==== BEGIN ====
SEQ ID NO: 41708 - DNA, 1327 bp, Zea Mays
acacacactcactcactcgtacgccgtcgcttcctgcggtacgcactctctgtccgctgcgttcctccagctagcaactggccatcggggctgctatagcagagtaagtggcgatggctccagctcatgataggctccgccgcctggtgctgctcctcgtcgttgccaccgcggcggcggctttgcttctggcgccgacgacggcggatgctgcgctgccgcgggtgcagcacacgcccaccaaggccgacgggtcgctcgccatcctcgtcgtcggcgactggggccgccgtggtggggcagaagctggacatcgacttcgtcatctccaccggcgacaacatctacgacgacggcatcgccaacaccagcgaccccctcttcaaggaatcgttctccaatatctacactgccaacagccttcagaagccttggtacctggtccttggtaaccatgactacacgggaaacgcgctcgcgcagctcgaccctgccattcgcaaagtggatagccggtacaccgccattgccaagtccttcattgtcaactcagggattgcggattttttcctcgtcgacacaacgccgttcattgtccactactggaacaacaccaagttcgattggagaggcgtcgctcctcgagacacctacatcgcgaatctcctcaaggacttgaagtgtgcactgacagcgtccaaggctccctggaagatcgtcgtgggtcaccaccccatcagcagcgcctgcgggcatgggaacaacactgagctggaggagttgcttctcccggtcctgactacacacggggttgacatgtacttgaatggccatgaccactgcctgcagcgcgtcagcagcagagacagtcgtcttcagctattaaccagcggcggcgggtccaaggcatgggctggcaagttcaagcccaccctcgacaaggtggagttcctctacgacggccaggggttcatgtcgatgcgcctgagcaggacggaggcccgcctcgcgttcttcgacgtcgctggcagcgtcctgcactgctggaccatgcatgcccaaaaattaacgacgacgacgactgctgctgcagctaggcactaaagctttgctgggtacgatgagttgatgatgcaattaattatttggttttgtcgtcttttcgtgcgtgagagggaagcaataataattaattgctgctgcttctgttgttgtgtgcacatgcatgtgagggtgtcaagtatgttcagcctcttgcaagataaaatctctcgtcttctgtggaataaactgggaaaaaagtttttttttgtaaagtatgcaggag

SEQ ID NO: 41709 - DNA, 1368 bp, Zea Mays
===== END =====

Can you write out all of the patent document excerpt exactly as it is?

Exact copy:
SEQ ID NO: 41708 - DNA, 1327 bp, Zea Mays
acacacactcactcactcgtacgccgtcgcttcctgcggtacgcactctctgtccgctgcgttcctccagctagcaactggccatcggggctgctatagcagagtaagtggcgatggctccagctcatgataggctccgccgcctggtgctgctcctcgtcgttgccaccgcggcggcggctttgcttctggcgccgacgacggcggatgctgcgctgccgcgggtgcagcacacgcccaccaaggccgacgggtcgctcgccatcctcgtcgtcggcgactggggccgccgtggtggggcagaagctggacatcgacttcgtcatctccaccggcgacaacatctacgacgacggcatcgccaacaccagcgaccccctcttcaaggaatcgttctccaatatctacactgccaacagccttcagaagccttggtacctggtccttggtaaccatgactacacgggaaacgcgctcgcgcagctcgaccctgccattcgcaaagtggatagccggtacaccgccattgccaagtccttcattgtcaactcagggattgcggattttttcctcgtcgacacaacgccgttcattgtccactactggaacaacaccaagttcgattggagaggcgtcgctcctcgagacacctacatcgcgaatctcctcaaggacttgaagtgtgcactgacagcgtccaaggctccctggaagatcgtcgtgggtcaccaccccatcagcagcgcctgcgggcatgggaacaacactgagctggaggagttgcttctcccggtcctgactacacacggggttgacatgtacttgaatggccatgaccactgcctgcagcgcgtcagcagcagagacagtcgtcttcagctattaaccagcggcggcgggtccaaggcatgggctggcaagttcaagcccaccctcgacaaggtggagttcctctacgacggccaggggttcatgtcgatgcgcctgagcaggacggaggcccgcctcgcgttcttcgacgtcgctggcagcgtcctgcactgctggaccatgcatgcccaaaaattaacgacgacgacgactgctgctgcagctaggcactaaagctttgctgggtacgatgagttgatgatgcaattaattatttggttttgtcgtcttttcgtgcgtgagagggaagcaataataattaattgctgctgcttctgttgttgtgtgcacatgcatgtgagggtgtcaagtatgttcagcctcttgcaagataaaatctctcgtcttctgtggaataaactgggaaaaaagtttttttttgtaaagtatgcaggag

SEQ ID NO: 41709 - DNA, 1368 bp, Zea Mays